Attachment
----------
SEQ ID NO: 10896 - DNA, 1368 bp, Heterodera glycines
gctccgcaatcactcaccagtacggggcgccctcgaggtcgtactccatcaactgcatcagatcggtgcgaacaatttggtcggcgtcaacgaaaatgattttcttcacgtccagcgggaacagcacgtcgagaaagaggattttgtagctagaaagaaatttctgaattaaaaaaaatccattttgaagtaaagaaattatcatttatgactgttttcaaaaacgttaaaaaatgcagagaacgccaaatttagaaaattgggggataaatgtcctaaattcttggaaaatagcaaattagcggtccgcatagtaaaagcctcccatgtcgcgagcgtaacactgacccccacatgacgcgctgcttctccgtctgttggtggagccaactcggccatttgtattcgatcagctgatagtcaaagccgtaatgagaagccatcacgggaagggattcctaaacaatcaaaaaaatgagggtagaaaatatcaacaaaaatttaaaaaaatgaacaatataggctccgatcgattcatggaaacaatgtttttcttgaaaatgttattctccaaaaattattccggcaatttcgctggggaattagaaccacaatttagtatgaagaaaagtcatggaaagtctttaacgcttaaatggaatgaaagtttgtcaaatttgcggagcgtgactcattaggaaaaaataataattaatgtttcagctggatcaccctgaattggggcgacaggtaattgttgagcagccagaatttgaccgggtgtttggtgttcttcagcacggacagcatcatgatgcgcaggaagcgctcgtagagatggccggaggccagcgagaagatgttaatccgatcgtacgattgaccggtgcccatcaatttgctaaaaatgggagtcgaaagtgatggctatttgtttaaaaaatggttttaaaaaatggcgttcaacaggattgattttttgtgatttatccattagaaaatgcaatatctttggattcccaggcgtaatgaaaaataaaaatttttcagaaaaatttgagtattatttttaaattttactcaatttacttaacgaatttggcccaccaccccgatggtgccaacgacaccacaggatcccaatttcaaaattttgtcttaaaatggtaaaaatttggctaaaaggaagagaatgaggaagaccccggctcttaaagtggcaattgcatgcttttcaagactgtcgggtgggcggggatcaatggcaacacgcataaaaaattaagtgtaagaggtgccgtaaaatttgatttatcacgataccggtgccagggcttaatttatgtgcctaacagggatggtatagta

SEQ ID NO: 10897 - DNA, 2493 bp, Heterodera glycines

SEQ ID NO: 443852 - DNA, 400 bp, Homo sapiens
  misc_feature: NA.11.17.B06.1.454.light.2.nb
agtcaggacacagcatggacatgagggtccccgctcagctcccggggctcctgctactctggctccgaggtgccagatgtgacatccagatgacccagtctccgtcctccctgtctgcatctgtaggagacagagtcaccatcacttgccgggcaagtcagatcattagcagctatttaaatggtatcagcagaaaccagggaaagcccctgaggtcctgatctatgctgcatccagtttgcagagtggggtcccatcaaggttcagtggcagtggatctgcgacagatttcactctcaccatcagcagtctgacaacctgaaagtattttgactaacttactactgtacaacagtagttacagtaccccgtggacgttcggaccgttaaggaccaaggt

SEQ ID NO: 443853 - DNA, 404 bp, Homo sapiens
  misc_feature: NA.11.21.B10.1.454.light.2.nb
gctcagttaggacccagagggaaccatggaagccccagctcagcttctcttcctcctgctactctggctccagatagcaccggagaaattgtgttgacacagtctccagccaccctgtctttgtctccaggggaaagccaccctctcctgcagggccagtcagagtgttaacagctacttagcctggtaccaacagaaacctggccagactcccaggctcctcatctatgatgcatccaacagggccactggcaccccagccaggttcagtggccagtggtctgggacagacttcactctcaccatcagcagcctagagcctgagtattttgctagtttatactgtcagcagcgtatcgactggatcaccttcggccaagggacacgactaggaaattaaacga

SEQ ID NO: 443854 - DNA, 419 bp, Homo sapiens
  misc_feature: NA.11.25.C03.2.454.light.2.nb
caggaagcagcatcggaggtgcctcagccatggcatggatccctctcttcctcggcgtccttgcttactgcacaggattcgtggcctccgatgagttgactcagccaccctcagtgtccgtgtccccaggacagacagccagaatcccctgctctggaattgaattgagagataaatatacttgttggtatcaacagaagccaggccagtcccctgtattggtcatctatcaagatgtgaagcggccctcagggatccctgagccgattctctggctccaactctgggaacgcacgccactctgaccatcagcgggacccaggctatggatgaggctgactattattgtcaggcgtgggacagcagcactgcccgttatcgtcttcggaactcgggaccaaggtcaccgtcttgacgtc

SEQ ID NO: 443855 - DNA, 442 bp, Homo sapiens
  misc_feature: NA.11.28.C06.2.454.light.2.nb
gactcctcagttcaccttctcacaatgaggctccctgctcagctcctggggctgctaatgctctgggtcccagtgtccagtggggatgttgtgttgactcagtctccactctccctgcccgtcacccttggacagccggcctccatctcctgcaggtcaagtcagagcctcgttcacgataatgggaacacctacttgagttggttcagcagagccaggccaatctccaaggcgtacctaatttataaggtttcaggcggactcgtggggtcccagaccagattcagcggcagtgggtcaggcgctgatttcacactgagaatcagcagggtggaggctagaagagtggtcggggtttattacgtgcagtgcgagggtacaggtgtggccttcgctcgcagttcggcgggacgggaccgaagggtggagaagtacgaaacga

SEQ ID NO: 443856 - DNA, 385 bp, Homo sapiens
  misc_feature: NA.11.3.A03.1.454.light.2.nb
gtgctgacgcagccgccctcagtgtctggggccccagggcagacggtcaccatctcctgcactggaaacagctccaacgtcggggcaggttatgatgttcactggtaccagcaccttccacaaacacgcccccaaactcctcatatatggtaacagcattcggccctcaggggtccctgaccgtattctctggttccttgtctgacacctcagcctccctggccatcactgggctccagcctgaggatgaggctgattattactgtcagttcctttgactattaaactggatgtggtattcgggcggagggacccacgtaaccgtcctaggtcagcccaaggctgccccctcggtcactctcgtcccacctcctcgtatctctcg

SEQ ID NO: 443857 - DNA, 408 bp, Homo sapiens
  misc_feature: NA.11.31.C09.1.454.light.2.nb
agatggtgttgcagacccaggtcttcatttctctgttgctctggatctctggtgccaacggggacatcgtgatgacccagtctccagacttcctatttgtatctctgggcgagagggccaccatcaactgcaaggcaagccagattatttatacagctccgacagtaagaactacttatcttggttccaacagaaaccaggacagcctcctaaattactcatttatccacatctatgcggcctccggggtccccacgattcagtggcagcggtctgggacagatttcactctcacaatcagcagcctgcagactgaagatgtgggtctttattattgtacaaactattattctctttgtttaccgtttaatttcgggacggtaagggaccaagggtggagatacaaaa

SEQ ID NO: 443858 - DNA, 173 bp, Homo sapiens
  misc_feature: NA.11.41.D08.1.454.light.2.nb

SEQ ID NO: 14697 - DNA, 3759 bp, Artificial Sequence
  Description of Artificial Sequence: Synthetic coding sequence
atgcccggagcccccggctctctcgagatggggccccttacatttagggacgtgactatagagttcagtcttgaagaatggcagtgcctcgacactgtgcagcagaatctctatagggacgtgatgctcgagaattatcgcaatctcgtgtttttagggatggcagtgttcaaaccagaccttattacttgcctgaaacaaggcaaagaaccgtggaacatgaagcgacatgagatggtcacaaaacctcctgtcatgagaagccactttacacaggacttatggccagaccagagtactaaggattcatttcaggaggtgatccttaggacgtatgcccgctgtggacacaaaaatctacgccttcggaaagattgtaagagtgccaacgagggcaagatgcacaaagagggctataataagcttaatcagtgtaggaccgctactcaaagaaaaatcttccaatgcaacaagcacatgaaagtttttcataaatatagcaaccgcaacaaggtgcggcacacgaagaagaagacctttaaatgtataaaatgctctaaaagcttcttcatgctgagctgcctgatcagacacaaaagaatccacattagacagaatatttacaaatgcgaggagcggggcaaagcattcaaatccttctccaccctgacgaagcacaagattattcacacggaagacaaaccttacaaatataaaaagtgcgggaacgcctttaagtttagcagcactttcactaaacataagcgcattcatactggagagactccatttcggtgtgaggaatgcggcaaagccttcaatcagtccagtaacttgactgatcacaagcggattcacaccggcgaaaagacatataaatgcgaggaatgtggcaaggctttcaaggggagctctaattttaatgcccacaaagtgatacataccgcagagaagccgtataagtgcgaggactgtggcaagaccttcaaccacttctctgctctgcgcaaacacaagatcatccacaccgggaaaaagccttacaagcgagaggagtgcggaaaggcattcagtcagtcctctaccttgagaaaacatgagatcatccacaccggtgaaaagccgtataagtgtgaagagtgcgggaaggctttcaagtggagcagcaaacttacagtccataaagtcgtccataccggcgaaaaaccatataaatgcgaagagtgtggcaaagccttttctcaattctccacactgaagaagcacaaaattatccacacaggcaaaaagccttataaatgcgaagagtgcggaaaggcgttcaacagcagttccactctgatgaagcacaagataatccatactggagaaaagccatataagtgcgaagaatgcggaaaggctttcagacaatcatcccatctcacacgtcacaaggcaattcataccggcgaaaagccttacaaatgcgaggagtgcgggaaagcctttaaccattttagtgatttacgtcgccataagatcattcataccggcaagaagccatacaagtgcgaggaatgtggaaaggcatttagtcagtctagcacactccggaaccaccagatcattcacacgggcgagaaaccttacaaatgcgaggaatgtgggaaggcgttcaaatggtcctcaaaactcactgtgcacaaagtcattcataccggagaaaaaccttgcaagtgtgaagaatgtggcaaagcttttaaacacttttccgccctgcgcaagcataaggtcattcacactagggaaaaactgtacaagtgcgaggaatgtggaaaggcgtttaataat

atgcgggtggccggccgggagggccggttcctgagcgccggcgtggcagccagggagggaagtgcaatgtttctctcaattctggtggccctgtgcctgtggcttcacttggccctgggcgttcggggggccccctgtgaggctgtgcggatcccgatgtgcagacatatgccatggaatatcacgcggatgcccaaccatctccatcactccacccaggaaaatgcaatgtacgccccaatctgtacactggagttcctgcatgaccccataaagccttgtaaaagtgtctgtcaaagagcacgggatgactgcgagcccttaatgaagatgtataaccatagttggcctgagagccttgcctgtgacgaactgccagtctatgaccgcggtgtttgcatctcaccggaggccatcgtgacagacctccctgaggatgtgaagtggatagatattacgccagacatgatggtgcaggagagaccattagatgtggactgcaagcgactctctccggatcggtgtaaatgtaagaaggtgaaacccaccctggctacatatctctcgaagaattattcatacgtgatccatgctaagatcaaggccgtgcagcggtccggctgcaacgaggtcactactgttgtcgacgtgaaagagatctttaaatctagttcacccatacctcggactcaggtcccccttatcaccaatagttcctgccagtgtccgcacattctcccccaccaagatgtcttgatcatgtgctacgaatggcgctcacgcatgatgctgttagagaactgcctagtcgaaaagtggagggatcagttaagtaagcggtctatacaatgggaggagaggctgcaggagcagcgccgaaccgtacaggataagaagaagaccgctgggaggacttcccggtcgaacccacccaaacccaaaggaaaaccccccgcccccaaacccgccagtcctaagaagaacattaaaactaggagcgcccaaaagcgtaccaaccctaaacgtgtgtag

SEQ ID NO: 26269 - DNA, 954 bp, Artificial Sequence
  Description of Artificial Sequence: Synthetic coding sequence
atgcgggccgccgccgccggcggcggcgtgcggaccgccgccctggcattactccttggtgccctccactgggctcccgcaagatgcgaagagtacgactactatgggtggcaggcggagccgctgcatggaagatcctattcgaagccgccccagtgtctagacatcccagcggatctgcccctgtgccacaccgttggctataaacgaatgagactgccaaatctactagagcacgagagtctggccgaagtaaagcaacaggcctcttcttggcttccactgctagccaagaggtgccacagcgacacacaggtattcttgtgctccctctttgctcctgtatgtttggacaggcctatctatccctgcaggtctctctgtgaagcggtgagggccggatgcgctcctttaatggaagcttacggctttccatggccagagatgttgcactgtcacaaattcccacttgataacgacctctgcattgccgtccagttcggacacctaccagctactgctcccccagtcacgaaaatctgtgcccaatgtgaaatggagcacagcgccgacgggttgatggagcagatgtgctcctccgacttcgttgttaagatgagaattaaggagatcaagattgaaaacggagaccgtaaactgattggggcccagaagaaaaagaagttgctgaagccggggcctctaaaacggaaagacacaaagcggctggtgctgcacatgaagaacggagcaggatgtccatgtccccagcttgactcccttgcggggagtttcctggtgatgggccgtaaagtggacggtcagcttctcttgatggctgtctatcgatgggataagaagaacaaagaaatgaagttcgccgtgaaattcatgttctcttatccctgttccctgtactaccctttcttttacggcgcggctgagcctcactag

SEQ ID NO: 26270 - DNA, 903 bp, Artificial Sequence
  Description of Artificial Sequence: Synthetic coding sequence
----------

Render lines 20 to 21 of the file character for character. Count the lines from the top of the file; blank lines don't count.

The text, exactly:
  misc_feature: NA.11.31.C09.1.454.light.2.nb
agatggtgttgcagacccaggtcttcatttctctgttgctctggatctctggtgccaacggggacatcgtgatgacccagtctccagacttcctatttgtatctctgggcgagagggccaccatcaactgcaaggcaagccagattatttatacagctccgacagtaagaactacttatcttggttccaacagaaaccaggacagcctcctaaattactcatttatccacatctatgcggcctccggggtccccacgattcagtggcagcggtctgggacagatttcactctcacaatcagcagcctgcagactgaagatgtgggtctttattattgtacaaactattattctctttgtttaccgtttaatttcgggacggtaagggaccaagggtggagatacaaaa